Thoughts on water issue

A reader wonders if there is a lower cost option for a new water treatment system.

Dear Editor,

I have been pondering the water treatment issue over the past few months, and have noted some inconsistencies in the information we have received from the village. In the notice on the water conservation program flyer, it stated that the average B.C. resident uses 350 litres of water per day and the average Ashcroft resident uses 1,831 litres per day. In the FAQs recently placed in our mailboxes, it sites the average per capita water use in B.C. as 606 litres  per day, with ours as 1,831 litres. I am not sure which is factual.

As others have already stated, the 1,831 litres per day per resident is not accurate because we have no actual way of measuring the water consumption per household. We must factor in the watering of several parks in our village and the cemetery, as well as the water usage in public facilities such as the arena, the village offices, the village community hall, the schools, the school district offices, etc. In villages and towns and cities with water meters it would be far easier to measure the household usage, and find out if the public water usage is part of the assessments we are privy to.

Also, as I reflect on this issue and Interior Health’s assessment of our water quality, one question becomes what about our gardens, both plant and vegetable? I have nothing to document my concerns, but I believe that there are minerals and nutrients in the water from the river that nurture our plant life and contribute to the beauty and produce that surround us.   As we battle to rid our water of the bacteria and microorganisms that could be harmful to us, are we not also eliminating some of the nutrients which also give us nourishment?

Vigilance is a good thing, and to the best of my knowledge the Village is taking samples of our filtered water on a regular basis. Other than the yearly water advisories during the annual runoff, I am not aware of any health issues directly related to our water. My concerns would be far greater regarding water phobia, which leads to the purchase of bottled water. Is our body’s natural immune system compromised when it is not exposed to various elements naturally occurring in our water because they have been filtered out?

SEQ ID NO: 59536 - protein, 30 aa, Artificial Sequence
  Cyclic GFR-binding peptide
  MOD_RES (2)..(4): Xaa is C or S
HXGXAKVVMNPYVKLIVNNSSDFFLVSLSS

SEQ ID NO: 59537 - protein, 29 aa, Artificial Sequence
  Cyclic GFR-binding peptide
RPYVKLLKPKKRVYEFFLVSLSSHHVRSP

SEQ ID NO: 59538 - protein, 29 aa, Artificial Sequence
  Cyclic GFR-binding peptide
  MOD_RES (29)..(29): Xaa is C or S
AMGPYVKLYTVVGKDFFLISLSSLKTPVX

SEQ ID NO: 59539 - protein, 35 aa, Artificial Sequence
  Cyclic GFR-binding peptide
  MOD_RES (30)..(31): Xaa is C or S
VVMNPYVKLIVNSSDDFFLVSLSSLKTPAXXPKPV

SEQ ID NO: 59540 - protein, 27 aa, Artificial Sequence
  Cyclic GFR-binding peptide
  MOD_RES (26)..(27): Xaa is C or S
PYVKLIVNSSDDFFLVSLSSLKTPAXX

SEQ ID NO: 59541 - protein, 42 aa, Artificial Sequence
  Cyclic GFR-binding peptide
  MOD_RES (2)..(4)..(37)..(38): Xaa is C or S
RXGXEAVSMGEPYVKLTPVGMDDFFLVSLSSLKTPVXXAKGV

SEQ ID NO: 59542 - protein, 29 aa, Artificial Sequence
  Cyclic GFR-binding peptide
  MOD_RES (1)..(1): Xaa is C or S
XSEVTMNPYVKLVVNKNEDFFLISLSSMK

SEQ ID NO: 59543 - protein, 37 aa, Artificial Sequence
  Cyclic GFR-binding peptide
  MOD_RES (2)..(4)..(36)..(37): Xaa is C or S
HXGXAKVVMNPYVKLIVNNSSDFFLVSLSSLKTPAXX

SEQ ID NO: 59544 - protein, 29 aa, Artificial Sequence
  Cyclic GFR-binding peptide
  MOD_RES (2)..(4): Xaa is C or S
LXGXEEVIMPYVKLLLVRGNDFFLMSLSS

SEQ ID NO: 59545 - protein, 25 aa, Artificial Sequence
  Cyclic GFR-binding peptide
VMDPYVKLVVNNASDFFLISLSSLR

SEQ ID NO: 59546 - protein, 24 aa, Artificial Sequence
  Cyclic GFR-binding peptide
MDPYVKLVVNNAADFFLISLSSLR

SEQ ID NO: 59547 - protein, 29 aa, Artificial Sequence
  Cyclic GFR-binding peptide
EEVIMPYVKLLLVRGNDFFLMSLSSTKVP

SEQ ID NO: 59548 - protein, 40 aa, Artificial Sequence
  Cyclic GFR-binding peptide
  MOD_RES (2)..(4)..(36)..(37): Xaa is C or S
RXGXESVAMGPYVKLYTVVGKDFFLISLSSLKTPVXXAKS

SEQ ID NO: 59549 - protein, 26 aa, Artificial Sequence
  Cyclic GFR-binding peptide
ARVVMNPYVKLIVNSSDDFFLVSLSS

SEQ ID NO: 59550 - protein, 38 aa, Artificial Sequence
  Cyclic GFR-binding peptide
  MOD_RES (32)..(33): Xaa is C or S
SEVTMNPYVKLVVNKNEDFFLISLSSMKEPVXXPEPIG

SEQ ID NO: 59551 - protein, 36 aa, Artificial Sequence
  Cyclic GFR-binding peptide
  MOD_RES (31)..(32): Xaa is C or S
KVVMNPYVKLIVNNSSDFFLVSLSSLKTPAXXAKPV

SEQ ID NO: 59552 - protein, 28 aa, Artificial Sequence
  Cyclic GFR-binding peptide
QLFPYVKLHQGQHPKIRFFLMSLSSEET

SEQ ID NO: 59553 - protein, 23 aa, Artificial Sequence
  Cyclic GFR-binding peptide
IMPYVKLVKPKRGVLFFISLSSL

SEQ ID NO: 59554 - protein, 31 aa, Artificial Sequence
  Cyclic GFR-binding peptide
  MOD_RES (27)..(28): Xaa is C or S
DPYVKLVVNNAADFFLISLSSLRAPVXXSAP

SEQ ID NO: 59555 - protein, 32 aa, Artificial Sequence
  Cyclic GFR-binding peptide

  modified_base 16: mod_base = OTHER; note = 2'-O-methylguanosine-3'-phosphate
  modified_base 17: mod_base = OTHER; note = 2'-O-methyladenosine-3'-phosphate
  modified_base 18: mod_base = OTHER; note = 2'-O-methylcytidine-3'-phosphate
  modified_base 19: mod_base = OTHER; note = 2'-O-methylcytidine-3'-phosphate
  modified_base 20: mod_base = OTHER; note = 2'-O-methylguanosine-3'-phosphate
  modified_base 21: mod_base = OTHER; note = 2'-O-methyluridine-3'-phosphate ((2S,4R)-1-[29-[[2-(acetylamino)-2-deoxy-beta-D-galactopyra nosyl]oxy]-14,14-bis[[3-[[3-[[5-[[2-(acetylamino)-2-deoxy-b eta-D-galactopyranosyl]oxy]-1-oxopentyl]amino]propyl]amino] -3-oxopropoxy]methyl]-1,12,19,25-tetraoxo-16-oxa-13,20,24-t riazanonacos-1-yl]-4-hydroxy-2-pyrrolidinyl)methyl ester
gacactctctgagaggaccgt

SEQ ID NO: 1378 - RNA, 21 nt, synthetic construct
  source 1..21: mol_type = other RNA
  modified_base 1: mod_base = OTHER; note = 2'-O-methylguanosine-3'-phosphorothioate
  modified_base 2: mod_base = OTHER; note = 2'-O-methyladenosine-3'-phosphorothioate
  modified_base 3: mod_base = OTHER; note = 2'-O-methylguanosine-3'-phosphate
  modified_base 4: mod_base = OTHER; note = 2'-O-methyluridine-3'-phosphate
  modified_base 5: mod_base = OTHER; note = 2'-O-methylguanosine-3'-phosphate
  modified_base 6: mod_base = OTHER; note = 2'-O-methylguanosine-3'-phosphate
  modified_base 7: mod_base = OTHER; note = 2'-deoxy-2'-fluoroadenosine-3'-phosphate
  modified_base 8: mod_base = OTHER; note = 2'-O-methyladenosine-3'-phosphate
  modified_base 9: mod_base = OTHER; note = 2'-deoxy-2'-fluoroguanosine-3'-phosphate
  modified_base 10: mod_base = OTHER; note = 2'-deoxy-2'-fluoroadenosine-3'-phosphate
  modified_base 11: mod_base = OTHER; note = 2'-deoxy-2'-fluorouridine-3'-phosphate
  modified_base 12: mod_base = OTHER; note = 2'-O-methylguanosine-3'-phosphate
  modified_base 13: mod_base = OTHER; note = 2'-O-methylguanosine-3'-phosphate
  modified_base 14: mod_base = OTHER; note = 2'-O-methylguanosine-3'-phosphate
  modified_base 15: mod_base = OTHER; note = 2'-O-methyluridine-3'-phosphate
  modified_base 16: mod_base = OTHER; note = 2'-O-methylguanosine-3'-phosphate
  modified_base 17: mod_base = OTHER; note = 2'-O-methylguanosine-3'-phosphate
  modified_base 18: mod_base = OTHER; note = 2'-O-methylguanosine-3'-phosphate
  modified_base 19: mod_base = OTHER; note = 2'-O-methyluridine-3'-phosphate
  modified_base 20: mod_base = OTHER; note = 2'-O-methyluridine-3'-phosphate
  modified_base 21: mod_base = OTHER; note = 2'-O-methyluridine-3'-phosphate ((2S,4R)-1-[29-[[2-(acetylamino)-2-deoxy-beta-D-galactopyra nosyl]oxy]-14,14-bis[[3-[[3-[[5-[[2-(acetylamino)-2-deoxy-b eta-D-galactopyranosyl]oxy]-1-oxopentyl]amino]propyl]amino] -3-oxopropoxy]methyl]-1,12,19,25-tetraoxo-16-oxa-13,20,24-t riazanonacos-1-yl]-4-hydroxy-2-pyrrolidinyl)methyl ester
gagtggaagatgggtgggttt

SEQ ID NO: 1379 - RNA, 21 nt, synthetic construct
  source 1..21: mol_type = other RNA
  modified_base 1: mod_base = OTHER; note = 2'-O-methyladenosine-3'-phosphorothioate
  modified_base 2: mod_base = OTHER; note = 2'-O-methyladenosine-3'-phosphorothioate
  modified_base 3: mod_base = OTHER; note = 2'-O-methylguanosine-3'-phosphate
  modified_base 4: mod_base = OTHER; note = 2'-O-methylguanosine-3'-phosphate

I am in the age bracket now which speaks of weakened immune systems, and vulnerability to disease. For many years I have been drinking water directly from my taps and even, God forbid, from the hoses in my yard at times, and I have been less subject to illness than my children and grandchildren who drink bottled water and eat organically. They have been carefully protected, and I wonder if they have been denied the development of their natural immune system. My sons and their families have not taken the organics to the extreme, but I have noted that they do miss school with illnesses more frequently than I did as a kid. There is no hard evidence to support my theory, and perhaps it is just faulty memory in a senior citizen.

Our water treatment plant needs to go to referendum so that the will of the people can decide the issue. I am not speaking against the proposed treatment plant, just concerned over the cost that our declining population will be facing over the next thirty years. Is there a more cost-effective system that would only filter the in-residence water and not all of the water in our village?

Mike Baldwin

Ashcroft

 

Editor’s note: Per capita, British Columbians use 606 litres of water per day; this includes all water uses, not just residential. In Ashcroft, per capita daily usage is 1,831 litres.

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